- You may not need to add extra space. Although many patients prefer privacy when receiving infusions, it is likely you already have space in your practice that you could use for this purpose. For example, if you have a spare exam room and state/local regulations allow it, use this spare room for infusions, either exclusively or when not otherwise occupied. This can save you the cost of remodeling your existing office or procuring more office space.
- A medium-sized exam room (10’ x 10’) will easily accommodate an infusion chair and the minimum amount of accompanying equipment.
- Add more space as your infusion practice grows. Many clinicians prefer to start small and add infusion space gradually. But if you anticipate high patient volume from the beginning, you might consider renting or purchasing additional office space. If so, make sure to include those costs in your initial investment/ROI plan.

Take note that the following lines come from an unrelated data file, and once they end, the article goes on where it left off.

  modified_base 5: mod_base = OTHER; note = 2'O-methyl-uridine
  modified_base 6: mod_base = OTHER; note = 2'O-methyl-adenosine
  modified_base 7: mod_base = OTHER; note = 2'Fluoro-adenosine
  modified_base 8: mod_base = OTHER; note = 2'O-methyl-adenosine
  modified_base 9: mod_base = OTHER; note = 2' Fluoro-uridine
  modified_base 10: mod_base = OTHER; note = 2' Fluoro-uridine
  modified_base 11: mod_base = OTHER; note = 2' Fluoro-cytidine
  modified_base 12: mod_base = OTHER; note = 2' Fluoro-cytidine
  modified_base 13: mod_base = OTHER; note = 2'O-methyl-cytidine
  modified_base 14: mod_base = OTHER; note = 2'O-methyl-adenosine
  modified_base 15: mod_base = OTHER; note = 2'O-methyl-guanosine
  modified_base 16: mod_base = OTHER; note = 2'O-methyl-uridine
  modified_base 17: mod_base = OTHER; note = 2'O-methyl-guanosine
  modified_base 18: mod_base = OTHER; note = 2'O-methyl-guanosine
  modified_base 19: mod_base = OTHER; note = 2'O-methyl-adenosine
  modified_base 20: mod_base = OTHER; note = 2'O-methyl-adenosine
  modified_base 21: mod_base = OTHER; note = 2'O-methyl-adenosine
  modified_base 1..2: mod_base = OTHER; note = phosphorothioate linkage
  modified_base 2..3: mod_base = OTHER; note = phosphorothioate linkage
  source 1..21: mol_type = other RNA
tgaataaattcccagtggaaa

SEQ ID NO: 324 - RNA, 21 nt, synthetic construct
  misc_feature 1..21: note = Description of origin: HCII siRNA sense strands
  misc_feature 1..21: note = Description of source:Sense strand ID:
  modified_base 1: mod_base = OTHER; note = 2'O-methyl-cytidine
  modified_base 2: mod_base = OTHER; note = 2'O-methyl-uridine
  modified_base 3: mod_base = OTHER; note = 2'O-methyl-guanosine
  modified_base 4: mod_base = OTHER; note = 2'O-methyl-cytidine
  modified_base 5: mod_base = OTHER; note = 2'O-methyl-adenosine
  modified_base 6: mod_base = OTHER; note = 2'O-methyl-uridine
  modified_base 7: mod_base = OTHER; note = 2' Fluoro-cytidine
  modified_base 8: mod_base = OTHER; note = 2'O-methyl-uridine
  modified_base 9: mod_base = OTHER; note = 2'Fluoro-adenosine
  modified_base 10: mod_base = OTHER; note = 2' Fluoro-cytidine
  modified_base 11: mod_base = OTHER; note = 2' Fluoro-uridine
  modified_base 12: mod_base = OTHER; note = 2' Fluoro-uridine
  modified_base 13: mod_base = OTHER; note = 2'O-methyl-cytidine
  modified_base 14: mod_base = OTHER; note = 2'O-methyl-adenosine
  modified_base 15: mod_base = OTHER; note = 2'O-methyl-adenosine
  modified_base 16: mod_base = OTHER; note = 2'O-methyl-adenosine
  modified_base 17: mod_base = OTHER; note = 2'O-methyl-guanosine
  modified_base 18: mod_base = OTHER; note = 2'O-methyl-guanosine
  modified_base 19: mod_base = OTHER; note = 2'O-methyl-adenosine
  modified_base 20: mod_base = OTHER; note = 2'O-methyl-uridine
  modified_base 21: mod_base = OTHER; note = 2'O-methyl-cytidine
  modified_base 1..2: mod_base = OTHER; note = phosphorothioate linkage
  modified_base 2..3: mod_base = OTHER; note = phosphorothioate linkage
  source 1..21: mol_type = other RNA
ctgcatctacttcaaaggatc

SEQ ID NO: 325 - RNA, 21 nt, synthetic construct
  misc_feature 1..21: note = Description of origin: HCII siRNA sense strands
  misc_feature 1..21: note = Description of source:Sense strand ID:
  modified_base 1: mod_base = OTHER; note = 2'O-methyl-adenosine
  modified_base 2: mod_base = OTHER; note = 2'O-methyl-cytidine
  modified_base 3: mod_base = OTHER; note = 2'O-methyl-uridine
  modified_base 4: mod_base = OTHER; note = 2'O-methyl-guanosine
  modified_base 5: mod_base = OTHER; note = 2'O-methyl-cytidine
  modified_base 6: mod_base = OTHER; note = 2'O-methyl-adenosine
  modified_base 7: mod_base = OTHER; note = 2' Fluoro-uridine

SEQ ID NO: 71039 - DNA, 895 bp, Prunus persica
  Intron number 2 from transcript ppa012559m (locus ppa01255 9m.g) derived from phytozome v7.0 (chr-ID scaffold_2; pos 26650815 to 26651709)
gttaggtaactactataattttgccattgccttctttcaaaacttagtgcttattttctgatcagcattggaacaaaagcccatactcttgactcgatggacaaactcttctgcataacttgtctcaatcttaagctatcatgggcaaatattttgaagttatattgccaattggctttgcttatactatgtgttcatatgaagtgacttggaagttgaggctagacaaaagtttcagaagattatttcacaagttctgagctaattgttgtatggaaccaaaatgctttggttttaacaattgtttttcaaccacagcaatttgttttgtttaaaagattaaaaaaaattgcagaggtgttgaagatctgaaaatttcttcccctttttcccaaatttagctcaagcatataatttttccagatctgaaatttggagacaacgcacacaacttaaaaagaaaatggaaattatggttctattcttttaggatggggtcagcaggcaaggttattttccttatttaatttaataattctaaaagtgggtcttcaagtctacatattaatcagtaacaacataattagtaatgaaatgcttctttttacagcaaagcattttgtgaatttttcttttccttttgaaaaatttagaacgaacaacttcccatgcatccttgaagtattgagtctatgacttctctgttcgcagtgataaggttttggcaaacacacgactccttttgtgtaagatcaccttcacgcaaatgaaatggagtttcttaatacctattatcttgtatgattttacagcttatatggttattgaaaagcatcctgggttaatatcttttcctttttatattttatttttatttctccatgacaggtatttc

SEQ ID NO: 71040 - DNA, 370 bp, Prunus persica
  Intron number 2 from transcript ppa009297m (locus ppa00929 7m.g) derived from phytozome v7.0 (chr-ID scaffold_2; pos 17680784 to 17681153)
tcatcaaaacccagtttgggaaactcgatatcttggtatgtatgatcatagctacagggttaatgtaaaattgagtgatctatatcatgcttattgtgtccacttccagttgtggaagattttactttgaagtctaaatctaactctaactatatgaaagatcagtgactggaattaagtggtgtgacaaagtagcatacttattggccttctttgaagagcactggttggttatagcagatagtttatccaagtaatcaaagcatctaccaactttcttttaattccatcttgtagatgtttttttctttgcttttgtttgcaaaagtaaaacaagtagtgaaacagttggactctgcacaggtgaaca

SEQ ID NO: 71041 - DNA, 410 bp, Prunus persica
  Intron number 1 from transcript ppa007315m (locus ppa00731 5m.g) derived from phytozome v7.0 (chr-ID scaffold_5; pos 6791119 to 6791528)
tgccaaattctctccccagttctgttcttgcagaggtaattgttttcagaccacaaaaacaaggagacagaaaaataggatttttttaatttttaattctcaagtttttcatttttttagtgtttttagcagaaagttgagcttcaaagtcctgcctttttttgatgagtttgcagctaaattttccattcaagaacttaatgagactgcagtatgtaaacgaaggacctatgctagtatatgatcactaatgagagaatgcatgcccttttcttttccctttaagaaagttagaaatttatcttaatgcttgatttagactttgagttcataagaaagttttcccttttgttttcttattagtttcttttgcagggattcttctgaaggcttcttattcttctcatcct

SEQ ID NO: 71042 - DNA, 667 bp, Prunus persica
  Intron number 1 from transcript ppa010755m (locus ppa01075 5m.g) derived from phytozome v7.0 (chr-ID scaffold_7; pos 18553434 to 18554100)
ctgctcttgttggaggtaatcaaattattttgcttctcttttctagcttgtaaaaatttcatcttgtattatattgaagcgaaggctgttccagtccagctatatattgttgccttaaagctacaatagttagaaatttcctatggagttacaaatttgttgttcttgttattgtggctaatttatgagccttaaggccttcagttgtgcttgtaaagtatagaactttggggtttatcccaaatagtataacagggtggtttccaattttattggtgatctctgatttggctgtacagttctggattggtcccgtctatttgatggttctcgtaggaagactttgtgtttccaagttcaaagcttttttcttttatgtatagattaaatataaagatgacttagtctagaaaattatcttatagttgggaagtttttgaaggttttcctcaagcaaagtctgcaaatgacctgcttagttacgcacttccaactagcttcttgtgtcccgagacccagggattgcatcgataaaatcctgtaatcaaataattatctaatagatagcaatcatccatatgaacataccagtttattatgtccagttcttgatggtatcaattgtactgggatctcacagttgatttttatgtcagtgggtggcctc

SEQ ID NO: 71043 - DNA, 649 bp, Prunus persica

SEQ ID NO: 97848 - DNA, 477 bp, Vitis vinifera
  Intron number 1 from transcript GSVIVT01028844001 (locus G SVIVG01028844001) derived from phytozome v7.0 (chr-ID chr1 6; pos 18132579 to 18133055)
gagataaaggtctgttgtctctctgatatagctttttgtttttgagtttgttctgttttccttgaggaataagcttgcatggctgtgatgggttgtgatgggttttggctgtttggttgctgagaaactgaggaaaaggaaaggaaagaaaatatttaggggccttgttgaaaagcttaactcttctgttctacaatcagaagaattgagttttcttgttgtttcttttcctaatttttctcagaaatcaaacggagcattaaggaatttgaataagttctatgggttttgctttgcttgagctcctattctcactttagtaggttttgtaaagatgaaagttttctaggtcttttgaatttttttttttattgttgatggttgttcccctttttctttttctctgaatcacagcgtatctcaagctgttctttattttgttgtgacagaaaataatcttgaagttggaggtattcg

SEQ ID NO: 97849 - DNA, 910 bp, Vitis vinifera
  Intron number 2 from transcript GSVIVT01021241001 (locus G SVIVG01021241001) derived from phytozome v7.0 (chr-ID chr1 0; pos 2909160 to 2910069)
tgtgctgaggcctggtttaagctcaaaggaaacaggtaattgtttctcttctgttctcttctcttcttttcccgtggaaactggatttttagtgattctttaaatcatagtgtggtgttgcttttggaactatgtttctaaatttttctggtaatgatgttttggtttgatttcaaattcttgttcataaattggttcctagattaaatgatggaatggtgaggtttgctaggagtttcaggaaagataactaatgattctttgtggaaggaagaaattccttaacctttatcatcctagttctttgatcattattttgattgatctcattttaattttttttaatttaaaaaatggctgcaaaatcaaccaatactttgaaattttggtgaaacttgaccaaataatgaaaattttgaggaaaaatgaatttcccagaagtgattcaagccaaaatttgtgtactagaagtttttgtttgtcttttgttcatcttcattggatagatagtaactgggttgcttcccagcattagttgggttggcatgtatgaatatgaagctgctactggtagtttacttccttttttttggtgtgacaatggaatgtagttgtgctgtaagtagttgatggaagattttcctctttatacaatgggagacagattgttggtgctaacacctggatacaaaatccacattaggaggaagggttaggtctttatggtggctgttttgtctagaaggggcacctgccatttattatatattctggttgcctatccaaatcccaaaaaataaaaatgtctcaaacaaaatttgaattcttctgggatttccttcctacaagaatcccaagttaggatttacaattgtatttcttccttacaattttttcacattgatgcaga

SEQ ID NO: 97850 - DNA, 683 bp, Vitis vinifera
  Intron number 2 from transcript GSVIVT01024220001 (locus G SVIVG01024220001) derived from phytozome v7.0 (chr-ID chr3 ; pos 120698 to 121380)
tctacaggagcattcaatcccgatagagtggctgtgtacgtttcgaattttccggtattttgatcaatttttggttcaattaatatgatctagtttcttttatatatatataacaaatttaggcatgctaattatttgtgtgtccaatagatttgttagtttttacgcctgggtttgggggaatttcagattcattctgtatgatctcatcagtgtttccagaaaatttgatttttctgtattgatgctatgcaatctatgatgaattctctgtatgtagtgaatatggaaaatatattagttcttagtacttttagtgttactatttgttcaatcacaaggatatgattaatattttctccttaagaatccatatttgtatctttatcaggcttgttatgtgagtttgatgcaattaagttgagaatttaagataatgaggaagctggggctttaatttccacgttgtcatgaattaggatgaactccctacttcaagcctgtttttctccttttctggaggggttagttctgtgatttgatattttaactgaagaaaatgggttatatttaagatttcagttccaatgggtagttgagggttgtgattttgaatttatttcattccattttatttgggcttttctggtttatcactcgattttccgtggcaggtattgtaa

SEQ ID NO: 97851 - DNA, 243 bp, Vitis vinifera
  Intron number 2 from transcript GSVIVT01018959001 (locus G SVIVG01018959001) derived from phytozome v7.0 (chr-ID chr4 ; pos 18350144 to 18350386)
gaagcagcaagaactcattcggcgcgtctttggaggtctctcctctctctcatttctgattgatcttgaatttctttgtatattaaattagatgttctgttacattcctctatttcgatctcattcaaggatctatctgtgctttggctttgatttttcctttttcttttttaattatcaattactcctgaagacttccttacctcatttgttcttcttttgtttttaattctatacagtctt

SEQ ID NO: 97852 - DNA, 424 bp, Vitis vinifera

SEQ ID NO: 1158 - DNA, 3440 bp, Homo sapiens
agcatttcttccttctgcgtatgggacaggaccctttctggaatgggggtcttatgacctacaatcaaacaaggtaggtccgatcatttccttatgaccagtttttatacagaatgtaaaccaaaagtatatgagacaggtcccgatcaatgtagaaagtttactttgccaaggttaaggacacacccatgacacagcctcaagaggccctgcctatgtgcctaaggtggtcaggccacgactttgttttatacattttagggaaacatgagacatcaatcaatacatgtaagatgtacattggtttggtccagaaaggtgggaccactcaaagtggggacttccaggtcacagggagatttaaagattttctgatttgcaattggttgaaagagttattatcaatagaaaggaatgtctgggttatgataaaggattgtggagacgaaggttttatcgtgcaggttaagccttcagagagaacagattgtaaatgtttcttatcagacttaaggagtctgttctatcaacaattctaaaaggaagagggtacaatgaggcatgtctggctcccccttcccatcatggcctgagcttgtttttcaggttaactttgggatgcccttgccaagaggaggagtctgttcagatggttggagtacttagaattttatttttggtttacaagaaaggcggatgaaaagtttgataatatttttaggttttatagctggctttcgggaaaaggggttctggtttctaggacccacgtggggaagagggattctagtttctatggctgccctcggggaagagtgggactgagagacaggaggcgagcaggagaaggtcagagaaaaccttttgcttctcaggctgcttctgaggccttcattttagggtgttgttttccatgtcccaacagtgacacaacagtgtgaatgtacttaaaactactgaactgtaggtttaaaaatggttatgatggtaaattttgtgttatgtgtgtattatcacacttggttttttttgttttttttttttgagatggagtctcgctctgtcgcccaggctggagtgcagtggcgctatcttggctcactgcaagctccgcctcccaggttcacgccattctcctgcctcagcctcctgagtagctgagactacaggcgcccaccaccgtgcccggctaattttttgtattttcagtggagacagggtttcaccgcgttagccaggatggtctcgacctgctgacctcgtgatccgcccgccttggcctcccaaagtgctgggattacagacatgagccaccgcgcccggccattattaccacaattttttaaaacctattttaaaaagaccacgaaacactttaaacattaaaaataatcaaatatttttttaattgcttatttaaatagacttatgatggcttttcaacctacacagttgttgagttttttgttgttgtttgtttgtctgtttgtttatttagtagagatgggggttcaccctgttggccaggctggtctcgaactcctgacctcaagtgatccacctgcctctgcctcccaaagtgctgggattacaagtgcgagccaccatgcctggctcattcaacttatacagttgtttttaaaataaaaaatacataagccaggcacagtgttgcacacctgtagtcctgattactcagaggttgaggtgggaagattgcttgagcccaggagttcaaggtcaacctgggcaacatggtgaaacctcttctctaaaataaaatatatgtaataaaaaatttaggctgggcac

- Patient word-of-mouth can help your practice grow. Secluded infusion rooms that can accommodate one or more infusion patients away from a hospital or large, noisy clinic can result in satisfied patients who may refer friends, family members, or other members of the community to your practice.
Frank, a patient who currently receives his infusions in an office-based setting compares and contrasts his experiences of receiving infusions in hospital-based and oncology infusion clinics with those experienced in an office setting.